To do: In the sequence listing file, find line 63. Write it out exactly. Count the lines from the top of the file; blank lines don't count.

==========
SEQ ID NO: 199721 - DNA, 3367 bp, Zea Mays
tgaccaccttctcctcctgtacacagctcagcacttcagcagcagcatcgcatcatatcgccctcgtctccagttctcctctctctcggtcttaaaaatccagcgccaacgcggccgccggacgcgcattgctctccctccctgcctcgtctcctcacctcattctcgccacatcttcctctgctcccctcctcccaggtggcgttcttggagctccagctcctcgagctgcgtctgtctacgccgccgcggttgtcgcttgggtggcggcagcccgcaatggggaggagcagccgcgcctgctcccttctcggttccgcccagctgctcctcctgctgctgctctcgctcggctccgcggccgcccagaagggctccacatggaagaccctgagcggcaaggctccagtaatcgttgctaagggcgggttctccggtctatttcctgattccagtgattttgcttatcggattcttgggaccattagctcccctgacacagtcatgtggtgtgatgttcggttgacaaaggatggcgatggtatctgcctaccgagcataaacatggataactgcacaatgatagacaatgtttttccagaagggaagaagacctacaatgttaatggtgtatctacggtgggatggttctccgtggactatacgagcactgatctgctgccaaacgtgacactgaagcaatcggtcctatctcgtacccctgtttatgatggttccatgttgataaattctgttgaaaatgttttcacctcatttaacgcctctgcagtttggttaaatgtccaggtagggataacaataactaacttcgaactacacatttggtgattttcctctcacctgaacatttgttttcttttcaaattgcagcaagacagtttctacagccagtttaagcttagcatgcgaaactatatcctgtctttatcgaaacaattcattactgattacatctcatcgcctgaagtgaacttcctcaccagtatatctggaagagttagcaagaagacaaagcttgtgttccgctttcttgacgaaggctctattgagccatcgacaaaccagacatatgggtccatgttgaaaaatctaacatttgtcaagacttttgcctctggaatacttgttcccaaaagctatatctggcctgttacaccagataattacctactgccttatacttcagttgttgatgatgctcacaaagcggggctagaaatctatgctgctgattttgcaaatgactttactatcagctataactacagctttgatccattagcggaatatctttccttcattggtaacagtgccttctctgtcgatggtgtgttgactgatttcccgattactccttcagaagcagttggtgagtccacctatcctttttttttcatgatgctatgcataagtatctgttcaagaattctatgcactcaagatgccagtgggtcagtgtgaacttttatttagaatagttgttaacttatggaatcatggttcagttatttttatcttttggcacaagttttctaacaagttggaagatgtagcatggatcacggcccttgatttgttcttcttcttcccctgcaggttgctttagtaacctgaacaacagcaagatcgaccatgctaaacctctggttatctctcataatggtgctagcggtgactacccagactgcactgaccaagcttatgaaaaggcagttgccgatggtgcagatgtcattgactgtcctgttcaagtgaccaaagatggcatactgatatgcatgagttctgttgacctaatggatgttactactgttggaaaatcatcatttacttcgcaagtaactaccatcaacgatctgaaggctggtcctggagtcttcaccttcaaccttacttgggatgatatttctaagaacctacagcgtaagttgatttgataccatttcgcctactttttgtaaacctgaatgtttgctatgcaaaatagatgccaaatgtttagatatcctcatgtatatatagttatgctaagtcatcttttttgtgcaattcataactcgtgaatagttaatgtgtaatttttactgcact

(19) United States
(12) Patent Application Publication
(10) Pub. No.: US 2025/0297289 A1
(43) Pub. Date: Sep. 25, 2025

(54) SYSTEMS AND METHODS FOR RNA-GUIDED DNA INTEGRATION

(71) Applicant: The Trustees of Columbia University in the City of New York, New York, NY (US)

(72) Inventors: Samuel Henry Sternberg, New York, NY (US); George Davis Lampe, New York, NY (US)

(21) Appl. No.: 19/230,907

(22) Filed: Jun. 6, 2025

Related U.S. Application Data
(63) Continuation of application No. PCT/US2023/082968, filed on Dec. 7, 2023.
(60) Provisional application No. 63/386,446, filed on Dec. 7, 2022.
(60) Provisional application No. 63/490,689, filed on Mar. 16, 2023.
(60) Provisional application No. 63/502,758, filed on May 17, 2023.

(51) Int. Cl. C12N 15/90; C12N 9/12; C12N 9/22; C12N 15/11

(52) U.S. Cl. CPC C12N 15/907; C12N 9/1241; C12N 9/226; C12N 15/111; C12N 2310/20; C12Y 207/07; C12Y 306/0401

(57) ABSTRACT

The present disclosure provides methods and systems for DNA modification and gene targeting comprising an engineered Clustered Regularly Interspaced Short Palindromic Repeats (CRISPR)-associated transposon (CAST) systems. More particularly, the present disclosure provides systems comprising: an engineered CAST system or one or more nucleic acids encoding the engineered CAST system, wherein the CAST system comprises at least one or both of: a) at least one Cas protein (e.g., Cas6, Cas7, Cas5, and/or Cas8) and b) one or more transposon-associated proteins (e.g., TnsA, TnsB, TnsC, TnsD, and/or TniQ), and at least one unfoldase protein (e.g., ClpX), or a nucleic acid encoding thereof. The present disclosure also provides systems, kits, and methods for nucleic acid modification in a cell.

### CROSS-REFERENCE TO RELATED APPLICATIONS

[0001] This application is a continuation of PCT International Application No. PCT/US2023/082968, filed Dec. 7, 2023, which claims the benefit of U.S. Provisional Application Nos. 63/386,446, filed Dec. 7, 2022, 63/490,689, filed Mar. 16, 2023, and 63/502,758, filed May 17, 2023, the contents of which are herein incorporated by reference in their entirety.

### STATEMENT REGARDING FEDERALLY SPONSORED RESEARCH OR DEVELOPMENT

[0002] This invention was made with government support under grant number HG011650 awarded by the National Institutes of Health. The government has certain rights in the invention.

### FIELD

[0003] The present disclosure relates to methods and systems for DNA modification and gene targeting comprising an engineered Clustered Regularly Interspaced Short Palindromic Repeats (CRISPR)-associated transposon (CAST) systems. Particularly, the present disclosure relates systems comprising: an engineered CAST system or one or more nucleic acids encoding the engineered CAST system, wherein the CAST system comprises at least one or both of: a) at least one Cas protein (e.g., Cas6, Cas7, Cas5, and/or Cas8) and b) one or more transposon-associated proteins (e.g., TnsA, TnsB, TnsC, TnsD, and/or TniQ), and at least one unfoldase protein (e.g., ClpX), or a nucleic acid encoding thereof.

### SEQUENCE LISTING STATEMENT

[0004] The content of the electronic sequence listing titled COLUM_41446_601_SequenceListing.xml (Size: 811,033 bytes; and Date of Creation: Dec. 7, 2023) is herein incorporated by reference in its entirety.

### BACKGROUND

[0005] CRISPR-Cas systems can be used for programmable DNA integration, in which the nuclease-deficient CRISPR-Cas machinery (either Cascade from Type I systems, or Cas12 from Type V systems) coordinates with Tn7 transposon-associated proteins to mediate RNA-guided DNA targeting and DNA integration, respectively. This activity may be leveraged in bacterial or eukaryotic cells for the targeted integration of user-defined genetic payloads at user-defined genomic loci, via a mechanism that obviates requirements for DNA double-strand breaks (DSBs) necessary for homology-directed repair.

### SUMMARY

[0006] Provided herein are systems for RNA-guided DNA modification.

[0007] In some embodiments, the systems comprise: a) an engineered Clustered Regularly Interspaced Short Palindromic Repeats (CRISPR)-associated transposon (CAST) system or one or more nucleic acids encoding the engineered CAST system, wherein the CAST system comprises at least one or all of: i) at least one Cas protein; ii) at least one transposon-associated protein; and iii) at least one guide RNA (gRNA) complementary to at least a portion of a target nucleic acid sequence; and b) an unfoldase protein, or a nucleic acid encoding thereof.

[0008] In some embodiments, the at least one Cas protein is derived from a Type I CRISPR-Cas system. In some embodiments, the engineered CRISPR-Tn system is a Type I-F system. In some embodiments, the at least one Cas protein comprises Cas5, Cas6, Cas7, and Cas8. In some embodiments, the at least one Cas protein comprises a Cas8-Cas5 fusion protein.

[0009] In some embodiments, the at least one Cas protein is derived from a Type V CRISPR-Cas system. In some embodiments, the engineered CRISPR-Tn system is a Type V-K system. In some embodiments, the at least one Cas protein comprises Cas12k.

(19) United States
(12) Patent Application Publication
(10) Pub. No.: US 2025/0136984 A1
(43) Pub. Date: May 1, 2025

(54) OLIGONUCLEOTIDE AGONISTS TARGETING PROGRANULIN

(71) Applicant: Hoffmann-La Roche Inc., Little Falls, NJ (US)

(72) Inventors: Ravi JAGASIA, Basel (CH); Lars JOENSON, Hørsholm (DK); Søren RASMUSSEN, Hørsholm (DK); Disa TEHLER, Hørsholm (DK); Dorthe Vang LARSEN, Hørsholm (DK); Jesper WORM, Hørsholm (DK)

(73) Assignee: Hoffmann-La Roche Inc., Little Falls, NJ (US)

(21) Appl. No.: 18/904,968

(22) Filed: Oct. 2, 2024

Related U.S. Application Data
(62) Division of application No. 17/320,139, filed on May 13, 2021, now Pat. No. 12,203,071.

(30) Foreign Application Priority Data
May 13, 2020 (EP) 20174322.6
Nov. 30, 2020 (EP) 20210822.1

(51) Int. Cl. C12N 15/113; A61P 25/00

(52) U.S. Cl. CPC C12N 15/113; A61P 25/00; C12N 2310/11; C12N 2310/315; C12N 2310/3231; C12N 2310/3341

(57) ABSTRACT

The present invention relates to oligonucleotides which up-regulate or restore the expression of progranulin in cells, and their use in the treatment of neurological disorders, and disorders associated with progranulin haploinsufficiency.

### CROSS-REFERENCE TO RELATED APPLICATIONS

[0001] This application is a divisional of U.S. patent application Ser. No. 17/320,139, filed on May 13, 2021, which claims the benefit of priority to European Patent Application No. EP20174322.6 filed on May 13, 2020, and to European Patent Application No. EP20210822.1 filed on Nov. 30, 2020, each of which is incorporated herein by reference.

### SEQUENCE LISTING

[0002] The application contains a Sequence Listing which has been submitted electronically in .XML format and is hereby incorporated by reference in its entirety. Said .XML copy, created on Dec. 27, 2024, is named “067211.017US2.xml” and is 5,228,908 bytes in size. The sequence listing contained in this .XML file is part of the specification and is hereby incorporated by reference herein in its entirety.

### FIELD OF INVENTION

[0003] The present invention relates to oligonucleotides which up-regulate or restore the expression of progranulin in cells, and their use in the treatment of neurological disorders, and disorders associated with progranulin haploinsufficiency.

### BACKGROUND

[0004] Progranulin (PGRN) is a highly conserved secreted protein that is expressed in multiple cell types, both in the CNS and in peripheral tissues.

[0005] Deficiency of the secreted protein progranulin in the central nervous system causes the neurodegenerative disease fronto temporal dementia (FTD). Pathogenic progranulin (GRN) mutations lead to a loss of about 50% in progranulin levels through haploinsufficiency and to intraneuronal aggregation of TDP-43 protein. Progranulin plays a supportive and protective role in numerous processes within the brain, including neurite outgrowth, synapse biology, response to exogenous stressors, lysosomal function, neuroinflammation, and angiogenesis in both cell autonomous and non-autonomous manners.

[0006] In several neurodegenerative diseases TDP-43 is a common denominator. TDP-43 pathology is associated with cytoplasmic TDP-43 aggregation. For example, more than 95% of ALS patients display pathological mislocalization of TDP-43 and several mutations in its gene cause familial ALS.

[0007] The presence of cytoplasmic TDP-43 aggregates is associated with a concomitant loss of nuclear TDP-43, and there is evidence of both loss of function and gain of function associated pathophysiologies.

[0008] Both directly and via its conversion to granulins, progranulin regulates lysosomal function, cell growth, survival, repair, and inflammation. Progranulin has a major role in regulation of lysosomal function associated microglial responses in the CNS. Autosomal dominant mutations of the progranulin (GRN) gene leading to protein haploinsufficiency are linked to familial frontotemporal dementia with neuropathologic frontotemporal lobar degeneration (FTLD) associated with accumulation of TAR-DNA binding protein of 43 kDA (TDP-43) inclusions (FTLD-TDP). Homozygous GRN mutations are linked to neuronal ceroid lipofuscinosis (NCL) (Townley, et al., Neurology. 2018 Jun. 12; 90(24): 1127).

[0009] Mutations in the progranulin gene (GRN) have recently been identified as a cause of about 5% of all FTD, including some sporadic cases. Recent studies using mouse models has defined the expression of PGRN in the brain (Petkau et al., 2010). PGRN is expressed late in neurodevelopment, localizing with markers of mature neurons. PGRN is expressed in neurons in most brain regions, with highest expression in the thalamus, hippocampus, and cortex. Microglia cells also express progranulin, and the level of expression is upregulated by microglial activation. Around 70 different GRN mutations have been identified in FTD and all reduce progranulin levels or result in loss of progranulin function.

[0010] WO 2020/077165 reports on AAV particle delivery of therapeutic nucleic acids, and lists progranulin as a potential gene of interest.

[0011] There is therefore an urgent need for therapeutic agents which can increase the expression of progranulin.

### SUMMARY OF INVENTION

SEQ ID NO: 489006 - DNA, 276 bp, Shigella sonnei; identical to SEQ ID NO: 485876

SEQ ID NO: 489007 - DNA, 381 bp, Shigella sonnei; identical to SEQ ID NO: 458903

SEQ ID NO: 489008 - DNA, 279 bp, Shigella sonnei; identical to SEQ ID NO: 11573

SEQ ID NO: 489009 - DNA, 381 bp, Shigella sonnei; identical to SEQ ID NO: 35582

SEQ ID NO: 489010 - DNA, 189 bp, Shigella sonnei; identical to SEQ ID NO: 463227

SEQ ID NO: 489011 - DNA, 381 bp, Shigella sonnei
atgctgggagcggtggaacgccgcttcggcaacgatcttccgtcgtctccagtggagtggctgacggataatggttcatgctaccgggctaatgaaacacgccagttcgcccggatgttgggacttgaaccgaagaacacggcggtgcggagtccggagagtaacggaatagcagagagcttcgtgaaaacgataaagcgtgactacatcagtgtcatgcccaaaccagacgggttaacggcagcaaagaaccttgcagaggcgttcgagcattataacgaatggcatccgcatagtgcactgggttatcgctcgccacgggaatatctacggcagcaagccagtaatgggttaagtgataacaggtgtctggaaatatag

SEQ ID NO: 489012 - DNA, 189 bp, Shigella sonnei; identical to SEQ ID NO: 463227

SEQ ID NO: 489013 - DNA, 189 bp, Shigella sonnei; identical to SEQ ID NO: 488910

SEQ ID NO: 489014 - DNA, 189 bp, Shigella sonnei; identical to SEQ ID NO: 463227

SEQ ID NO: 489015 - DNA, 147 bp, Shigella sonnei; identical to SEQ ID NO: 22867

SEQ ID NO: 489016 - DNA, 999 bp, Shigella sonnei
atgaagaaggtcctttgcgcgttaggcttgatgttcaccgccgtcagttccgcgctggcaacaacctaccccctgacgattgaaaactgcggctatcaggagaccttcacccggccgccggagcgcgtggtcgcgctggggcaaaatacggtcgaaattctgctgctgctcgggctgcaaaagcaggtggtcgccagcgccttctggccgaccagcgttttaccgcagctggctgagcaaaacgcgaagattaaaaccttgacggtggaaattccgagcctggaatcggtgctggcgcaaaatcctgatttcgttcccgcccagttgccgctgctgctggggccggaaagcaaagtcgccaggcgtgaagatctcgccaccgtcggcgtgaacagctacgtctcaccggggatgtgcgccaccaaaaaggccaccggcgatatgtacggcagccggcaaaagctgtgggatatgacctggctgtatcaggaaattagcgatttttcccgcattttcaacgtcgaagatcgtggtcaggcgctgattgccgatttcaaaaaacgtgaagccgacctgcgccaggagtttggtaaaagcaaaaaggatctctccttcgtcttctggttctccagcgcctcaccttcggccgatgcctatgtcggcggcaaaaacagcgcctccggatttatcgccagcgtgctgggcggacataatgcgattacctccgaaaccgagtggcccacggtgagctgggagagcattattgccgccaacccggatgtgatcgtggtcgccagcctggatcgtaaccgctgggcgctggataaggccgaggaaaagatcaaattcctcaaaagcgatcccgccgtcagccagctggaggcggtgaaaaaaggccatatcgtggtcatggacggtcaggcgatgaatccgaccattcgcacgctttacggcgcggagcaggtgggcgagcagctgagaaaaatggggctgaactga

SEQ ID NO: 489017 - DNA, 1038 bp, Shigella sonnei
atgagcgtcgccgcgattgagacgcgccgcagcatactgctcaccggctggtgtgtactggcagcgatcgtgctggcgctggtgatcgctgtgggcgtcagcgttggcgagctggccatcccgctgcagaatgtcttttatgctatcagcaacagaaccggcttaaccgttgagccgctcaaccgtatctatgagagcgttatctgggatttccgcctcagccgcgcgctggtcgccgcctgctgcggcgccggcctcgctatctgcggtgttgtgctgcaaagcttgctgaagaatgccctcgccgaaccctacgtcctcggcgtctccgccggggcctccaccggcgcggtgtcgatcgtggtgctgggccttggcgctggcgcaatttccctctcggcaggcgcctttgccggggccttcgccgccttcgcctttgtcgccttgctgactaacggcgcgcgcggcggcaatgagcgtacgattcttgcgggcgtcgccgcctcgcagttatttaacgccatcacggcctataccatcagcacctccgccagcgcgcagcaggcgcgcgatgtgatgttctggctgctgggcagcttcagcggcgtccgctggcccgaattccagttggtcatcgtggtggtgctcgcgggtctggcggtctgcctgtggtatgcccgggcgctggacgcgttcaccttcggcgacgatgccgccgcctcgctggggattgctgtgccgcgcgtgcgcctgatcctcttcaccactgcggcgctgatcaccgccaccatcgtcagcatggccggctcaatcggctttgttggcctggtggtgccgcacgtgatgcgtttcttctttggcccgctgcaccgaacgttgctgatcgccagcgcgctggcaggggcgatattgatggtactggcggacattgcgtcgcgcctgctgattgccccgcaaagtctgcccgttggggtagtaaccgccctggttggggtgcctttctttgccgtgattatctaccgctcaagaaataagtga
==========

[0005] Deficiency of the secreted protein progranulin in the central nervous system causes the neurodegenerative disease fronto temporal dementia (FTD). Pathogenic progranulin (GRN) mutations lead to a loss of about 50% in progranulin levels through haploinsufficiency and to intraneuronal aggregation of TDP-43 protein. Progranulin plays a supportive and protective role in numerous processes within the brain, including neurite outgrowth, synapse biology, response to exogenous stressors, lysosomal function, neuroinflammation, and angiogenesis in both cell autonomous and non-autonomous manners.